Idol Gossip: Rumor has it that Steven Spielberg's next directorial project will be Always, a contemporary remake of the 1943 classic A Guy Named Joe, which starred Spencer Tracy, Irene Dunne and Van Johnson. In the original, Tracy came back from the dead to help Johnson make it as an Air Corps pilot. No word yet on how spielberg plans to update the action. . . . Sidney Lumet (currently in postproduction on The Verdict) has purchased the film rights to E. L. Doctorow's The Book of Daniel. . . . Ex-Saturday Night Live writers Michael O'Donoghue and Marilyn Miller are coscripting a spoof of female-prisoner movies, tentatively titled Caged Women in Chains. . . . Mary Steenburgen has landed the role of the late novelist Marjorie Kinnan (The Yearling) Rawlings in the film version of her memoirs, Cross Creek. Also starring: Rip Torn, Peter Coyote and Dana Hill. Francis Ford Coppola is presently wrapping up The Outsiders, based on S. E. Hinton's 1967 novel about three brothers who try to manage their lives after the death of their parents. A longtime favorite of teen readers, the book came to Coppola's attention a year ago, when he received a letter from a school library class nominating him as the best choice to direct The Outsiders were it to be made into a film. Coppola read the book on a plane, was captivated by the story and bought the rights. The flick stars Matt Dillon, Leif Garrett, Diane Lane, Tom Waits and a slew of other young actors.
My Father looked like Humphrey Bogart. He had about him, as did Bogart, a muted air of anger, a temper close to the surface, a thin line of steel behind the eyes that glinted when he was crossed. He was a rebellious man who sat on his wildness for the sake of his family, an alcoholic who never took a drink after I was born, a Willy Loman in a three-piece suit.
Ok, so what the hell is an Epcot? Well, it's an Experimental Prototype Community of Tomorrow, an idea Walt Disney had more than two decades ago. For the past several years. Disney planners and engineers have been making Walt's wildest dream come true on a vast tract of Florida woods at Walt Disney World, and by the time Epcot Center opens outside Orlando on October first, it will have cost more than $800,000,000 to build. Now, the Disney folks aren't known to squander money on boring park entertainment or worth-less technology. After a number of exclusive previews. I'm prepared to go on record as saying that Epcot really stands for the most extravagant amusement facility ever created, and you'll be reading most of this here for the first time.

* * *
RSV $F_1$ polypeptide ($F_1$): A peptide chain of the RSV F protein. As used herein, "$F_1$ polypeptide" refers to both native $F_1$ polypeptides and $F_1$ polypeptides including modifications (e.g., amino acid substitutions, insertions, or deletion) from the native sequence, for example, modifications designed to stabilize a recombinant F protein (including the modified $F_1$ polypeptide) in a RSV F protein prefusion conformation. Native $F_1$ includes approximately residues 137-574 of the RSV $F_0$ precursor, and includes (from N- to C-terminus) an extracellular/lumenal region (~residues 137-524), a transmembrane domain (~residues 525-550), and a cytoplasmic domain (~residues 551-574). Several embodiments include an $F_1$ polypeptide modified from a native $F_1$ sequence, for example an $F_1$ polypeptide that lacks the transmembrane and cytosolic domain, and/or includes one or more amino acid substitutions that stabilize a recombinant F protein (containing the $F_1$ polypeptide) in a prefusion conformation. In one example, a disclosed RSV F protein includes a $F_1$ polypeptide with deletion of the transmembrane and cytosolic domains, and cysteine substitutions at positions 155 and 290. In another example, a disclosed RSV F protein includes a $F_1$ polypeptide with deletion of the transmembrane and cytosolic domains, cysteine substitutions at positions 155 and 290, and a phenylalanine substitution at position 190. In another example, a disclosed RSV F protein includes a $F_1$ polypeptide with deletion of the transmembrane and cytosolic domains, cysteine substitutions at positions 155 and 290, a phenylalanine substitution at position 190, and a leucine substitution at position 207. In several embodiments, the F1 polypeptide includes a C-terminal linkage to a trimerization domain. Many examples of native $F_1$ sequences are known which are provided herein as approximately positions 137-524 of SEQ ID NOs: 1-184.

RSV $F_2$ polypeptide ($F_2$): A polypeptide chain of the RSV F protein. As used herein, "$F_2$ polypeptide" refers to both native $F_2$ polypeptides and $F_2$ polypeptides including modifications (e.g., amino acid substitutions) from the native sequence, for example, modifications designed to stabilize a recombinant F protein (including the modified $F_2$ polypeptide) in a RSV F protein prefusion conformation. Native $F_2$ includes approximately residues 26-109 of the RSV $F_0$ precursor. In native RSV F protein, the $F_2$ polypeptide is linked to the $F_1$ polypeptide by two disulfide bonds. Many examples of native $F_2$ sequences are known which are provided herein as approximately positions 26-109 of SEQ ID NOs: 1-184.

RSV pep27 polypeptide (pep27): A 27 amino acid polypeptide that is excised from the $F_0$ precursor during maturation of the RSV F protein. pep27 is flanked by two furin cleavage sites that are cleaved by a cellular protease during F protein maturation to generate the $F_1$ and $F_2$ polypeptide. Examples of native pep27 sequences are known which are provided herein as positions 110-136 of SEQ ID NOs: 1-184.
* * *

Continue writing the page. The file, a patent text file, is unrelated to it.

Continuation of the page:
I play racquetball at least three days a week, and my personal pride and money are usually at stake. So an hour or two before the game. I am a little nervous and edge. My girlfriend likes to calm me down. not with heavy sex but with a mellow blow job prior to the game. Could that affect my racquetball performance?--J. H., Los Angeles, California.
One of the questions that you readers keep asking is "Where can I meet girls like the ones in Playboy?" It's as if you thought we had perfected a magic act. So we decided to ask the Playmates themselves to tell you where they can be found.
Not since the days of comedian Lenny Bruce have state authorities seriously attempted to prosecute a performer for using profanity--except recently, in Texas. That case might have gone to the U. S. Supreme Court, but at the last minute, the Dallas County district attorney and Texas Alcoholic Beverage Commission had sober second thoughts, and therein lies our tale.
Since its inception, the Playboy Foundation has advocated the importance of a free press and free speech as the rock on which this country stands. In 1979. it took a more active role in that area by initiating the Hugh M. Hefner First Amendment Awards, which annually honor individuals who have made some especially notable contribution in one of eight fields.
Campaign of Cunning: The Inside Story of Alexander Haig's Rise to Power
It Began almost quietly. Early in December 1968, at his transition headquarters in New York's Hotel Pierre, on Fifth Avenue facing Central Park, President-elect Richard Nixon introduced to the press his choice as National Security Advisor, an unfamiliar Harvard professor named Henry Kissinger. Typically, it began, too, with a little deceit on a matter that would prove monumental. Having vouchsafed beforehand to a gratified Kissinger that they would "run foreign policy from the White House," Nixon proceeded to announce to the reporters that his new assistant would confine himself to planning and leave diplomacy to a "strong Secretary of State" about to be named. Out of "eagerness to deflect any possible criticism," Nixon's public pretense was "substantially at variance" with their private intention, as Kissinger later delicately described it in his memoirs. It was also an omen of much more such variance to come.